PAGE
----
A passion play:



in motion.

Seeds of new life:

Sarah’s laughter knocked loose after 90 years or more.

The atmosphere is full of it.

What is it called?

Where is it from?

I don’t even know,

except to say



All of this is not an answer,

except to a question

I have not yet learned to ask.

It is neither an ending nor a beginning.

It is only a moment.

Untitled Winter Poem

Image by Helen Filatova. Retrieved from Wikimedia Commons.

Covetous crystals cover my pane,
needling out like evergreen branches,
longing to be what their brothers cover.
Melting heat of inward flame:
anything but this,
anywhere but here.
Not realizing,
to lose longing,
they would not be happy
(they will never be happy),
but they would be.
Yet, this they are.
Otherwise is no option.
Anything is everything.
Anywhere is everywhere.
With heat comes light:
essence of flame in crystal.
Begin again.

Disturbed With the Joy of Elevated Thoughts

Rätikon mountain range in Austria. Image by Böhringer Friedrich

I must confess that I have been hitherto unfamiliar with the poetry of William Wordsworth, but my mind was blown this morning as I came across this passage of his, quoted by Karen Armstrong in The Case for God.  It quite simply set my heart on fire.  I would point to poetry like this if someone asked me to give my definition of the term “God”:

…I have felt
A presence that disturbs me with the joy
Of elevated thoughts; a sense sublime
Of something far more deeply interfused,
Whose dwelling is the light of setting suns,
And the round ocean and the living air,
And the blue sky, and in the mind of man;
A motion and a spirit, that impels
All thinking things, all objects of all thought,
And rolls through all things.


Taughannock Falls, near Cayuga Lake. Image by Fred Fredrickson.

Fractured shale

broken earth

a path that is no path

Discarded detritus of forgotten function

used to be something

used to mean something


Where the living waters no longer flow

we return to the roots of rhythm in cut-time

we can almost recognize the tune

We stumble upon clipped wings

only the beauty

without the bug

Untouchable jewels explode

in more ways than one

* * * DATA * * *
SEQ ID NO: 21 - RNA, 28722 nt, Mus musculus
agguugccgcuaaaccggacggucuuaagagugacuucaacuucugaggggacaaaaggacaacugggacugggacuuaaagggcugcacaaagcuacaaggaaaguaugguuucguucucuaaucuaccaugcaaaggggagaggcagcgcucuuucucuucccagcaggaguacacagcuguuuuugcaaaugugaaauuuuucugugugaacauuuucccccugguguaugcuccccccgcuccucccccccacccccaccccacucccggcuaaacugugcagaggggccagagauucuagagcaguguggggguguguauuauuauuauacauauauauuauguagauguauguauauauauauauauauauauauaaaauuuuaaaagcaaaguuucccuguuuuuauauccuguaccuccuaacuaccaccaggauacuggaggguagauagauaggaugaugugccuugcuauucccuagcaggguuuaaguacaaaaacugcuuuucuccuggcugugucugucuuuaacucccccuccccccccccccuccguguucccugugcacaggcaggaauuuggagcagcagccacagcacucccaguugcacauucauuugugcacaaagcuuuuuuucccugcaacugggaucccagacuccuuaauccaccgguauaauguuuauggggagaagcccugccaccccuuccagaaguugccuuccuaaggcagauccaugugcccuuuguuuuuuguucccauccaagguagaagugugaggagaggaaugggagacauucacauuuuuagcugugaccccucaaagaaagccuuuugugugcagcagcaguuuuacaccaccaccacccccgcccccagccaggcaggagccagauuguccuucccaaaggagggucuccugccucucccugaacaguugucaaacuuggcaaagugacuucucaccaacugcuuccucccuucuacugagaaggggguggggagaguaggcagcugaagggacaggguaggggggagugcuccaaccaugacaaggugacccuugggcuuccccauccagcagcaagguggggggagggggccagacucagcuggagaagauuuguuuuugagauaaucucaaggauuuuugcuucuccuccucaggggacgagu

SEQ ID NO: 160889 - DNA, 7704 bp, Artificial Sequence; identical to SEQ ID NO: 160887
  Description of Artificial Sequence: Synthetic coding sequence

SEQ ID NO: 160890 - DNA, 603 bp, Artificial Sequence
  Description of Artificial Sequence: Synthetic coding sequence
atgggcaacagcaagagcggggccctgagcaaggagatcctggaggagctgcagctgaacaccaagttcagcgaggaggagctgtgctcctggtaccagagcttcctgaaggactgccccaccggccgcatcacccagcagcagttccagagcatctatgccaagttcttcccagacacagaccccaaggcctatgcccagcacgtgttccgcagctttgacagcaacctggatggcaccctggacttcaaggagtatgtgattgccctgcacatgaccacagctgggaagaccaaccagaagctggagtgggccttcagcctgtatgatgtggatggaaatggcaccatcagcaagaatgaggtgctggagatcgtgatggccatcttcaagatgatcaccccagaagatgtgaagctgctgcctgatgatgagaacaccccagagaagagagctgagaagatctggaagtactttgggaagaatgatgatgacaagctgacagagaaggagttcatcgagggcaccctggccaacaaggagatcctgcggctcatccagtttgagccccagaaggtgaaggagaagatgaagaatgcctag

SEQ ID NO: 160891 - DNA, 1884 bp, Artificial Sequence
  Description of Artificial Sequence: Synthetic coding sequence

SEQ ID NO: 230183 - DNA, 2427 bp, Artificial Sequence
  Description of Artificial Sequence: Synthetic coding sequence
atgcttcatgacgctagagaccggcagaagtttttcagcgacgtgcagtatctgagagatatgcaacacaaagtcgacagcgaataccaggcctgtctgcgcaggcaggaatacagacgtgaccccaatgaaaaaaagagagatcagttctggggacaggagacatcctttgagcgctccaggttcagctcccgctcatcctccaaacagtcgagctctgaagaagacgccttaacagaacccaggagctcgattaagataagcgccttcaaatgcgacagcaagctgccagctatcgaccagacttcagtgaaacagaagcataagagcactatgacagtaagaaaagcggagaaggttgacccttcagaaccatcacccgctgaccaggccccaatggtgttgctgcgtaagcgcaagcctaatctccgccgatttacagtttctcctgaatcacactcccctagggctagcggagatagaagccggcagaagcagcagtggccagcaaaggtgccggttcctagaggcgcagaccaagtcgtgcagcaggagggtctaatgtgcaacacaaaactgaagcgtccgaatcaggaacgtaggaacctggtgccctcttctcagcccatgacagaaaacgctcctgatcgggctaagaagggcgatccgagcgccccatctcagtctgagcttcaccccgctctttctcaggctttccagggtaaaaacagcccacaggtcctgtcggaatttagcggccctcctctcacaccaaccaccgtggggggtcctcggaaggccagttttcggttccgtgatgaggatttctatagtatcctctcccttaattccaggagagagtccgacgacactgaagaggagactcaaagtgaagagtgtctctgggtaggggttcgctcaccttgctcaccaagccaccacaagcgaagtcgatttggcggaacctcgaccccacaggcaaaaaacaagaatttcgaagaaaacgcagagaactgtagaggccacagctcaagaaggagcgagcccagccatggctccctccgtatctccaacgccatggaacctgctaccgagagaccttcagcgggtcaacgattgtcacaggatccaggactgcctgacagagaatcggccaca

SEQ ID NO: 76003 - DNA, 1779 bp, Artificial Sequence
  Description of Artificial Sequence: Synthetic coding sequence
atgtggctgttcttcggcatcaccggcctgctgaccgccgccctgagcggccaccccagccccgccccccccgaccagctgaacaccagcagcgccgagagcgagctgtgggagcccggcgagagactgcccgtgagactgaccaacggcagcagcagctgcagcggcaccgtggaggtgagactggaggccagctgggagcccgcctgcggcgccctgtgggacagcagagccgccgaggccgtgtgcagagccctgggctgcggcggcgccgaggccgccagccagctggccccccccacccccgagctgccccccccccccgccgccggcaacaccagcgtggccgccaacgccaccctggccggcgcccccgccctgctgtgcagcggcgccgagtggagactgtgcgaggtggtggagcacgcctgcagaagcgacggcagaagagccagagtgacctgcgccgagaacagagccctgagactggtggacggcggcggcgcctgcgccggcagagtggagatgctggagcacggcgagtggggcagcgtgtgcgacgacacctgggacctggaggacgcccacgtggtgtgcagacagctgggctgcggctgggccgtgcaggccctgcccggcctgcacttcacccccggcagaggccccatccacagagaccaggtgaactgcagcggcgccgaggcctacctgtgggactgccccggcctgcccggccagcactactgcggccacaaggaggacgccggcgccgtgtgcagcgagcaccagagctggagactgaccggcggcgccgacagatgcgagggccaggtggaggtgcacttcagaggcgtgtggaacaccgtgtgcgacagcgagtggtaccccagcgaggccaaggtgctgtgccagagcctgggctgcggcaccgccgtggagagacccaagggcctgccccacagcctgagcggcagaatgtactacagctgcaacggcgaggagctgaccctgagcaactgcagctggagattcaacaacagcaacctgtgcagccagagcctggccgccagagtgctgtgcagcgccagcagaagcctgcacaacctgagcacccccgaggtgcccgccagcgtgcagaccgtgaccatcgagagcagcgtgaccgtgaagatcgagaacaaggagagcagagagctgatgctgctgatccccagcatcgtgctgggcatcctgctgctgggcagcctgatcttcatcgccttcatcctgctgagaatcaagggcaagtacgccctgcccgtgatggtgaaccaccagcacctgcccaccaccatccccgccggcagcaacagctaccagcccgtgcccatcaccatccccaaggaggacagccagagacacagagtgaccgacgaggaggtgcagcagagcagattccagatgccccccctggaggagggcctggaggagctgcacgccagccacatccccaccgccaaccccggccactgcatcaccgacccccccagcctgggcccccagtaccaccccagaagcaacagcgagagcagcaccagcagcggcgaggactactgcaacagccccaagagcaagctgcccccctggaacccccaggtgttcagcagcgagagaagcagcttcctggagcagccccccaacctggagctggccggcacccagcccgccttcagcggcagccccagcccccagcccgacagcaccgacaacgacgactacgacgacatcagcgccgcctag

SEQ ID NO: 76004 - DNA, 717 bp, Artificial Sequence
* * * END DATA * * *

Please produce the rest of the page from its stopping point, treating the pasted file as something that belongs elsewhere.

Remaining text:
on both sides of baptism

I remember why I wanted

to be close

to you


But this time

as you walk away

from me

For the first time

I know

I am

I Am Life

Tarantula Nebula

I am that great and fiery force sparkling in everything that lives;
in shining of the river’s course, in greening grass that glory gives.

I shine in glitter on the seas, in burning sun, in moon and stars.
In unseen wind, in verdant trees I breathe within, both near and far.

And where I breathe there is no death, and meadows glow with beauties rife.
I am in all, the spirit’s breath, the thundered word, for I am Life.

-Hildegard of Bingen

Ten Thousand Places

I don’t have a reason for posting this picture.  I just found online somewhere in recent months and I like it.  It speaks to me of the presence of the divine (Matthew Fox might say “Cosmic Christ”) in all corners of the universe, even in the deepest parts of the Earth.  I see it as a blessing.  May it be so.

As the poet Gerard Manley Hopkins once said, “Christ plays in ten thousand places”.

Aw, what the heck, I’ll just go ahead and post the whole poem:

As kingfishers catch fire, dragonflies draw flame;
As tumbled over rim in roundy wells
Stones ring; like each tucked string tells, each hung bell’s
Bow swung finds tongue to fling out broad its name;
Each mortal thing does one thing and the same:
Deals out that being indoors each one dwells;
Selves — goes itself; myself it speaks and spells,
Crying Whát I dó is me: for that I came.
I say móre: the just man justices;
Keeps grace: thát keeps all his goings graces;
Acts in God’s eye what in God’s eye he is —
Chríst — for Christ plays in ten thousand places,
Lovely in limbs, and lovely in eyes not his
To the Father through the features of men’s faces.
Retrieved from on June 3, 2012.